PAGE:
Everyone knows that raising children can be expensive. The costs of food, clothing, toys, and other needs can add up quickly. In fact, it is now estimated that the average cost of raising and supporting a child to age 18 is around $233,610, according to a 2017 U.S. Department of Agriculture (USDA) study. While this may not seem to all that much when spread out over 18 years, it can still be difficult for one parent to pay for all of the costs of raising a child. This is why child support is typically ordered in cases in which parents are divorced or separated, ensuring that both parents are responsible for financially providing for a child’s needs.
Extra Costs of Raising a Child
In Illinois, a basic child support obligation is typically determined during a divorce case, and this is meant to account for all of the child’s basic needs, such as food, clothing, and housing. However, any parent knows that there are many more expenses involved in raising a child. With this in mind, Illinois law also has provisions to account for other child-related expenses, such as:
- Education: A court can order one or both parents to provide for a child’s school tuition. If the child was already attending private school or has been in private school for the majority of their educational career, they will likely be allowed to continue their private school education, and the costs of tuition will be divided between the parents. Parents may also be required to divide other school-related costs, such as registration fees or expenses related to school supplies.
- Child-Care Expenses: Paying for daycare while parents are working can become expensive. Illinois courts can order one or both parents to contribute to “reasonable child care expenses” for the child, which can be payable to one of the parents or directly to the child care institution. The costs for child care will most likely be prorated in accordance with each spouse’s percentage of the combined household income.
- Extracurricular Activities: As with schooling expenses, Illinois courts may require parents to divide the costs of the other activities in which the children participate. The court can order these expenses to be covered as long as the activities are intended to enhance the educational, athletic, social, or cultural development of the child.
- Health Care: A portion of the basic child support obligation is intended to cover some of the out-of-pocket costs associated with health care. The court can also order either parent to initiate or continue health care coverage for the child through their own health insurance plans, and the costs of health insurance premiums will typically be divided between the parents. Based on the needs of the child, the court can also order each parent to contribute toward other health care costs.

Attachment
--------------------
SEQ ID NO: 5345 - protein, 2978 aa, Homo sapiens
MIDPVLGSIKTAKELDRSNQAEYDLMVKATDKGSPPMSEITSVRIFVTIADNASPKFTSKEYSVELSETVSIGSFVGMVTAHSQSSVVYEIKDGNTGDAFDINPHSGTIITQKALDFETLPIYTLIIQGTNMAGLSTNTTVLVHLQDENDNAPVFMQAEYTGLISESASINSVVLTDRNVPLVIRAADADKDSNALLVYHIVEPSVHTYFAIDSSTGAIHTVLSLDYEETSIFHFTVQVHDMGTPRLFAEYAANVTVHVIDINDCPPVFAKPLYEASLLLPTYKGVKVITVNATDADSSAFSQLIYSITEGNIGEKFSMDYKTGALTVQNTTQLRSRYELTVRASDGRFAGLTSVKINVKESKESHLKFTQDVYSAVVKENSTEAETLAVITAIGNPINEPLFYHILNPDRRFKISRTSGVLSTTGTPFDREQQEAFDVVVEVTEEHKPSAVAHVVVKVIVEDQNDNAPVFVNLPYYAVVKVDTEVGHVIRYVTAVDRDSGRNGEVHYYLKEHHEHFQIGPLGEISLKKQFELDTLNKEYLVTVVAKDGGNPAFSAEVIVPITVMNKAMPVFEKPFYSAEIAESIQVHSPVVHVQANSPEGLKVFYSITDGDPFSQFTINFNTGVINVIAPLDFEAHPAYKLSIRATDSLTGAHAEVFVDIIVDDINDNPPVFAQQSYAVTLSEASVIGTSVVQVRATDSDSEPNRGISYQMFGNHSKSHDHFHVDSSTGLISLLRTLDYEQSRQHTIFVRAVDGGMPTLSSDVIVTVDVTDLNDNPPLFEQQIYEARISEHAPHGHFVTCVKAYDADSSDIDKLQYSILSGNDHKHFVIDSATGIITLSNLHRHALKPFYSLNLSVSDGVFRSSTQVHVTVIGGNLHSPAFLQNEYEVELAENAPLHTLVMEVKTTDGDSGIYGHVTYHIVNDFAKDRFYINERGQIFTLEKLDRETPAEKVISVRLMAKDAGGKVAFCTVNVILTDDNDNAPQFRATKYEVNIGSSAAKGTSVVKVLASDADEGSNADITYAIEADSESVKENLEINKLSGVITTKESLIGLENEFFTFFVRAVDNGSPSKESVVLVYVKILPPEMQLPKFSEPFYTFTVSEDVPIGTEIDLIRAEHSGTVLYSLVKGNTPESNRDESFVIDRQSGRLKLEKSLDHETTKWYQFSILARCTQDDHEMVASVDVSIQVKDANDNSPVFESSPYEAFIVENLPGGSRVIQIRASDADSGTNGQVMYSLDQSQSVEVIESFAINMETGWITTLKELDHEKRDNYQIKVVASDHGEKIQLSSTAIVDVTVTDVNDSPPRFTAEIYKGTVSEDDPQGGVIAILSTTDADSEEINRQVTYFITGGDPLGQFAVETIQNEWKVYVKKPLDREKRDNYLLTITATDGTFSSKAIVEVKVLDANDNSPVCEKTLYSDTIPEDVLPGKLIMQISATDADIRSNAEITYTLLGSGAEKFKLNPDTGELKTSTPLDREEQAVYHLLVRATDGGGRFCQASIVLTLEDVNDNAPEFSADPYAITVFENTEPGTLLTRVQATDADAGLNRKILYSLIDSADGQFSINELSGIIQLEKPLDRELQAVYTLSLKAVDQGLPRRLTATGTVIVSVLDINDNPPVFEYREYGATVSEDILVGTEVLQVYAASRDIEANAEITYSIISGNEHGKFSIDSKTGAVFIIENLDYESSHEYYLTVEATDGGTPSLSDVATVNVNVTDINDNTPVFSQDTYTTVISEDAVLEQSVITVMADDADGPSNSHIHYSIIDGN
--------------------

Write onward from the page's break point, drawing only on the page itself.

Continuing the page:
Contact an Arlington Heights Child Support Lawyer
Raising a child is no easy task. Doing so can put a strain on both your finances and your emotions, but it is one of the most rewarding things in the world. If you are wondering how your child’s expenses will be taken care of after your divorce, contact an experienced Barrington family law attorney at the Law Office of Nicholas W. Richardson. Mr. Richardson has more than 15 years of family law experience, and he can help you address and resolve any child-related issues you may have. Our firm offers free consultations, so call 847-873-6741 to schedule an appointment today....
All parents in Illinois are responsible for providing financial support for their children. This is a fairly straightforward matter during a marriage, but after divorce, it can become more complicated. In many cases, the non-custodial parent is responsible for paying child support to the custodial parent, and these payments are meant to help with daily expenses and costs associated with raising the child. Sometimes, a non-custodial parent may find him or herself in financial trouble, or he or she may want to punish the other parent by refusing to pay support. However, a non-custodial parent can face severe consequences for not paying court-ordered child support. Custodial parents should be sure to understand their options for enforcing payment of child support that is owed.
In some cases, a parent may work with the Illinois Department of Healthcare and Family Services’ Division of Child Support Services (DCSS) to enforce payment of child support. A parent may also work with a family law attorney to take legal action through the court. The consequences a non-paying parent may face include: